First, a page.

It started out thin, but as I add ingredients it becomes richer and richer. I am 25 chapters into the outline and have a hard time pulling myself away from it to do more mundane things - like eat or sleep.
I've been asked about the level of detail I put into each chapter description in my outline. It really depends on the chapter.
Most are a few paragraphs that describe the action in rough terms. I prefer this, I don't want to feel locked-in. This allows me to riff a little when I sit down to write the chapter in full.
In a few cases, however, I go into great detail, especially if the action involves historical events or real locations. I don't want to get this wrong. If my details are inaccurate, or worse, false, then it will call everything else into question.
For example, I read a thriller several years ago which was set during World War Two. The sense of period and place seemed to be perfect in my mind until the author used the term "serial killer". I knew from my own research that this is an expression that has only been in use since the 1970s when it was coined by an FBI profiler.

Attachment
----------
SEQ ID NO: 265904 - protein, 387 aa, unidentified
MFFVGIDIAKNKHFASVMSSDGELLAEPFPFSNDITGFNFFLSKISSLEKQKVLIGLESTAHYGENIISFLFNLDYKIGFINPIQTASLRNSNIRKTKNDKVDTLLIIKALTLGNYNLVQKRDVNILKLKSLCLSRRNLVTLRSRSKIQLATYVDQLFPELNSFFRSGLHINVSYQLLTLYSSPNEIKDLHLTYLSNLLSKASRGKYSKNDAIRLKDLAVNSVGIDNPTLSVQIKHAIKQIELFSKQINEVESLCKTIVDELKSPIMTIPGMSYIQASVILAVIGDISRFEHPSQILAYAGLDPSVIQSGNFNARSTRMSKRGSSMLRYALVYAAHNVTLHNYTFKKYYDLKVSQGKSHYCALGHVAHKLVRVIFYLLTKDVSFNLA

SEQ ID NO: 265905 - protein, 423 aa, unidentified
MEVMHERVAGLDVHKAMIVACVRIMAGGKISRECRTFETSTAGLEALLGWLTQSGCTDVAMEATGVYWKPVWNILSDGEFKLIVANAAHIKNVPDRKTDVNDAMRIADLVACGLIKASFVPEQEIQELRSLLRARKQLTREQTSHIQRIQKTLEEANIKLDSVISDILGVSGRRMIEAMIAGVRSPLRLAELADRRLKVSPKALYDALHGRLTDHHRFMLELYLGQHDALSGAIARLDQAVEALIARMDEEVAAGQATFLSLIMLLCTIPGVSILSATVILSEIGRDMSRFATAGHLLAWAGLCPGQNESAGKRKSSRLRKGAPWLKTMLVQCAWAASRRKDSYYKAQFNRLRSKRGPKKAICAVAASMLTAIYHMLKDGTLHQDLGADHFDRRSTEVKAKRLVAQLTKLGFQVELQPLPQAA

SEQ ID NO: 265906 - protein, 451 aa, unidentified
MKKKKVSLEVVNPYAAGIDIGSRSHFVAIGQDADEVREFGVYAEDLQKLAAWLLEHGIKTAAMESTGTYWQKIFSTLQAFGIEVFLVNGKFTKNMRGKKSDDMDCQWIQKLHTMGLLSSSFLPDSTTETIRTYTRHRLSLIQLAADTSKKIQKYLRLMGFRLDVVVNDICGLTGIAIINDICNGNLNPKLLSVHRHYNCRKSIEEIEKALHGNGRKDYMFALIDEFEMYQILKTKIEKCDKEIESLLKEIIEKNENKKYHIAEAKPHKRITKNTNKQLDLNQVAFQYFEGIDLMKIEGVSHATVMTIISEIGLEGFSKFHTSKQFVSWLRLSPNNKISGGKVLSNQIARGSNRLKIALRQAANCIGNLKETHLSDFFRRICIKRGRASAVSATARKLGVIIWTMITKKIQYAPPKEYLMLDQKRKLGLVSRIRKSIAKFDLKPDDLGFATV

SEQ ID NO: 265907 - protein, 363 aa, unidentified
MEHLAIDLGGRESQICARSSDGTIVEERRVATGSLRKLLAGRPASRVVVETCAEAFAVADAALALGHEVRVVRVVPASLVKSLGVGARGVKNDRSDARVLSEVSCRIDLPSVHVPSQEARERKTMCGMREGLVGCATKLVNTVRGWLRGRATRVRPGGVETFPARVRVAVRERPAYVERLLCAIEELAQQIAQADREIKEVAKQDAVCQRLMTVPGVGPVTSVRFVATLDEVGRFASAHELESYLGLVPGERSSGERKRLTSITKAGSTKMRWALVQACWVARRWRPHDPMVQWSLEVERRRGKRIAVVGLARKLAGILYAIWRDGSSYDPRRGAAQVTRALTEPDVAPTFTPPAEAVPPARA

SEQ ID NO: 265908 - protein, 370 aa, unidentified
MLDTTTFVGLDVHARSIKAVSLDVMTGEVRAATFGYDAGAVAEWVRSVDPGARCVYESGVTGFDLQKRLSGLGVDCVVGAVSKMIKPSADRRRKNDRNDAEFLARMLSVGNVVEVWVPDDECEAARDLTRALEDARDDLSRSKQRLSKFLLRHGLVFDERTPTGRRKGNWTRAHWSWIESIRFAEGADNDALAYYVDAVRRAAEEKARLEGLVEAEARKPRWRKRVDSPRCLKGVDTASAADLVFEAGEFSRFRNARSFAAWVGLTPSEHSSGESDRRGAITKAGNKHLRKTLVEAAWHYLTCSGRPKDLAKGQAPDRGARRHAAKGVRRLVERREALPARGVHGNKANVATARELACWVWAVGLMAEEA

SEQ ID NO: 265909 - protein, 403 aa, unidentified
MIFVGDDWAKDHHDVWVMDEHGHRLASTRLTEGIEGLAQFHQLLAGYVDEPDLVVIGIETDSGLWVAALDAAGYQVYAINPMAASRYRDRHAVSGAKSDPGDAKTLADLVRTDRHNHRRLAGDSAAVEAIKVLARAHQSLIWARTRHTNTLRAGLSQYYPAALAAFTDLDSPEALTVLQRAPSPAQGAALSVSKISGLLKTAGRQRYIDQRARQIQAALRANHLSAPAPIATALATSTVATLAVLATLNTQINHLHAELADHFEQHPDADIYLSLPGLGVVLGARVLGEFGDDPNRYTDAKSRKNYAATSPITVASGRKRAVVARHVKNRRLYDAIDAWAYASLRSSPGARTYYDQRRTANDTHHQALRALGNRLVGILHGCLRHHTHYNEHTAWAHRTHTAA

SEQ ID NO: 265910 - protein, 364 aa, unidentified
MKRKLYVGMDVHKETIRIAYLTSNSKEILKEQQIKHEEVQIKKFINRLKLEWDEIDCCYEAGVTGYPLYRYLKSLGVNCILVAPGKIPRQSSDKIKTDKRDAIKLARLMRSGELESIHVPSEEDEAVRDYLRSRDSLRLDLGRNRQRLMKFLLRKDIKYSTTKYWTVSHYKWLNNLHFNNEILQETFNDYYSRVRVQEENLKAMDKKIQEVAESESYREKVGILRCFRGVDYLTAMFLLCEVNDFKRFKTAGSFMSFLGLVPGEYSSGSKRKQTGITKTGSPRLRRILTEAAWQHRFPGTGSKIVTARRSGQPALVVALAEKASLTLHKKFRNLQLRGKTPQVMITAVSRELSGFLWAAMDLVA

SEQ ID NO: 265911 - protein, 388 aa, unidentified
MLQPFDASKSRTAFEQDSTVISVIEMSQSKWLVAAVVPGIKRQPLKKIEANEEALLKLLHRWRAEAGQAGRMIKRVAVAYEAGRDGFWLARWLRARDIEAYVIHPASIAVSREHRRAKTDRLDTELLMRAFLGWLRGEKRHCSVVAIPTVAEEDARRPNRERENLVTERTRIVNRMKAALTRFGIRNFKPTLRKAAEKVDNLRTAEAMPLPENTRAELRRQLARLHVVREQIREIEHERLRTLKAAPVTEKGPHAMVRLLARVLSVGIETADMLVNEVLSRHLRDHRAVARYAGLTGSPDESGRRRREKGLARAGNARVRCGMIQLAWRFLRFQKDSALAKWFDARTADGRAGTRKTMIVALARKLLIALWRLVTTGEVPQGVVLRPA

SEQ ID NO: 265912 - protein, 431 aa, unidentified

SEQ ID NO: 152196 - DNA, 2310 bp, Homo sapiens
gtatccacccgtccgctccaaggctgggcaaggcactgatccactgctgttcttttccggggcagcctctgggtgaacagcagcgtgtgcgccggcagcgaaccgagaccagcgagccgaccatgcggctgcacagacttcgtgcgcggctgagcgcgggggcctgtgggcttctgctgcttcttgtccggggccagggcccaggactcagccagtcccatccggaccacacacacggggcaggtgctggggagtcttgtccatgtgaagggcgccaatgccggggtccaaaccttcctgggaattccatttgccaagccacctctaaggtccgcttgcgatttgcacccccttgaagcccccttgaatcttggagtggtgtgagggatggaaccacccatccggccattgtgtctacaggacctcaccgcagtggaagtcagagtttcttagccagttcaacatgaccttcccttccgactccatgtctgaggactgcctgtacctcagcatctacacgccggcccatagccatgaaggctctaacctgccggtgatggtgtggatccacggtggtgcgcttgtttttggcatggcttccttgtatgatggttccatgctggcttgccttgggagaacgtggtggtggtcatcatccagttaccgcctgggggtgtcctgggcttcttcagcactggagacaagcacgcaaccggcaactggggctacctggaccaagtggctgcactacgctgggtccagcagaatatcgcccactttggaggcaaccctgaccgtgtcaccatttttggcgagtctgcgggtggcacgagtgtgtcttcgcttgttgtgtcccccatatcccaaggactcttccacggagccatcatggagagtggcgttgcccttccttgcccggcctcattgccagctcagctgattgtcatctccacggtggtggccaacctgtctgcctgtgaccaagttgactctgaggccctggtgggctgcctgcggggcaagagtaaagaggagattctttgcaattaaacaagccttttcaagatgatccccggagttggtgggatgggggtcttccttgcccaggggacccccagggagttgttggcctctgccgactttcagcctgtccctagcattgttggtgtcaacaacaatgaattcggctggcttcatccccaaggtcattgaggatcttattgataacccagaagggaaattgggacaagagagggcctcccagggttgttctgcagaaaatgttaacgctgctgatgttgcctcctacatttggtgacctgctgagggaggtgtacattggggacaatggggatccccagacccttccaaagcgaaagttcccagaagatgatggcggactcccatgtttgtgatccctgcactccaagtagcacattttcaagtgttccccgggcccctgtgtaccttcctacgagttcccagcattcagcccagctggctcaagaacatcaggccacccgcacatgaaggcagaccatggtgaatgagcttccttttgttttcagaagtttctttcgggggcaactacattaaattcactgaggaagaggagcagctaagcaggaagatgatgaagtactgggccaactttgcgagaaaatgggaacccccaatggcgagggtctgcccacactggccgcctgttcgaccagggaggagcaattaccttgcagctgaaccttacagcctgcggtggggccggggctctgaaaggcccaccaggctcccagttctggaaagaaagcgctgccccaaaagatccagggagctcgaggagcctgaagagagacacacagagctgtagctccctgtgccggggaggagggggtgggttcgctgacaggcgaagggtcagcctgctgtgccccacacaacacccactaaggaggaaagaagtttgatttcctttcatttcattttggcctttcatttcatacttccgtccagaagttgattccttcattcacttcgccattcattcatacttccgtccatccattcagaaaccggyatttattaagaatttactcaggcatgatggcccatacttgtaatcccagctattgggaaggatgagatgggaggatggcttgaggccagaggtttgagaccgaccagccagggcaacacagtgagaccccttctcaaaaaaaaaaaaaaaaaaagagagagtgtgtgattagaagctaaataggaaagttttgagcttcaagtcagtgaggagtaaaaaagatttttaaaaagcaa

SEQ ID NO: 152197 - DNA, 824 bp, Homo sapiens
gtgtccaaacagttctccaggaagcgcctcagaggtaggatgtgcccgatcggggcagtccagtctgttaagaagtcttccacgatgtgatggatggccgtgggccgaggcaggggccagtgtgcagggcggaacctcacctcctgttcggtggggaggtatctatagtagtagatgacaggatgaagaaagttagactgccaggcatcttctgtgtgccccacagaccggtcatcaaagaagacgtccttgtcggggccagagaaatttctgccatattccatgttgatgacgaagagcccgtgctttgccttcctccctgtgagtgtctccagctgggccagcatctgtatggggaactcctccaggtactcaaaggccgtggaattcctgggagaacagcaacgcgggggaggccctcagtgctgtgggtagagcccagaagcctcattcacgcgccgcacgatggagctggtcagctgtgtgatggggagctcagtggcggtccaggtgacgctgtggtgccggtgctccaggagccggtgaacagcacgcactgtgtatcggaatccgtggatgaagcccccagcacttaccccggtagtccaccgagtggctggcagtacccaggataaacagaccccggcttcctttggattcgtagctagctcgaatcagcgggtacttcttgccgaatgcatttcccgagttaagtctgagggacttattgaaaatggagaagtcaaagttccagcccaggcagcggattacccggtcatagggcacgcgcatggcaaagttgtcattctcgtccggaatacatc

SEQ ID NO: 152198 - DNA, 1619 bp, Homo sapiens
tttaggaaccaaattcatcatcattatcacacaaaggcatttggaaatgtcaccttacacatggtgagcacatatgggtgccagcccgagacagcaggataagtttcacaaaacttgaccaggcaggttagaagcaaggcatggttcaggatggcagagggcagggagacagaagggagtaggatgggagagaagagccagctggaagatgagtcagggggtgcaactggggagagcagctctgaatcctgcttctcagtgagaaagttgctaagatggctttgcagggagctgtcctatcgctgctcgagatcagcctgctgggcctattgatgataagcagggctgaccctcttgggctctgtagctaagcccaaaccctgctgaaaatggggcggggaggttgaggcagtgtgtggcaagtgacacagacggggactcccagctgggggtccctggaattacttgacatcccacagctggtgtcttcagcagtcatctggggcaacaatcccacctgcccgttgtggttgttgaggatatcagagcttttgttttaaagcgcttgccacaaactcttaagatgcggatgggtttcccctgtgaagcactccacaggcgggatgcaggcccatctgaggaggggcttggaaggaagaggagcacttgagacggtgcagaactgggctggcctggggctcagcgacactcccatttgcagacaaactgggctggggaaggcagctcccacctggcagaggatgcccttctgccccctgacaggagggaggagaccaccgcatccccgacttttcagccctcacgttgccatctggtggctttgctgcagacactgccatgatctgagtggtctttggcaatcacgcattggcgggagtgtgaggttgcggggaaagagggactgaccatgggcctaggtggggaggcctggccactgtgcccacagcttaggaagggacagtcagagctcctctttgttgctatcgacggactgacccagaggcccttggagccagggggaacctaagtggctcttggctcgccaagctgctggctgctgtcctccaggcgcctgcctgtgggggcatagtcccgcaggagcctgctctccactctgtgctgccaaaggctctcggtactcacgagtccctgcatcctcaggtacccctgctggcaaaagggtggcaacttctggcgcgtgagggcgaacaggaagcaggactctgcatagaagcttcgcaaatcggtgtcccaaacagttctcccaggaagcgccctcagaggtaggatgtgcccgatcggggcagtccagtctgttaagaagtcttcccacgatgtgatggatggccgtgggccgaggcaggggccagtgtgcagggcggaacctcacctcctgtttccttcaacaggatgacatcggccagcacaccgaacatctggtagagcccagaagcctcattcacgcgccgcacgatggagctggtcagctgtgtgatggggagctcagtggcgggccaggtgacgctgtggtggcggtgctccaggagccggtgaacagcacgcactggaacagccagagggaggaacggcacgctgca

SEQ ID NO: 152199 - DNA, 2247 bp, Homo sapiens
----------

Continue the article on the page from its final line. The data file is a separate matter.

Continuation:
It was a detail that made me call into question other parts of the book and their credibility and spoiled what, until then, had been a pretty good read.
As the saying goes, the devil's in the details.
So the rule here is - there is no rule. I treat each chapter differently based on what I think I will need when I start to write the first draft.
On another subject...
When I delivered the manuscript of DOUBLE TAP to Amy yesterday afternoon we got into a brief discussion about character names. This reminded me of an article on the subject that I read a few years ago in WRITER'S DIGEST magazine.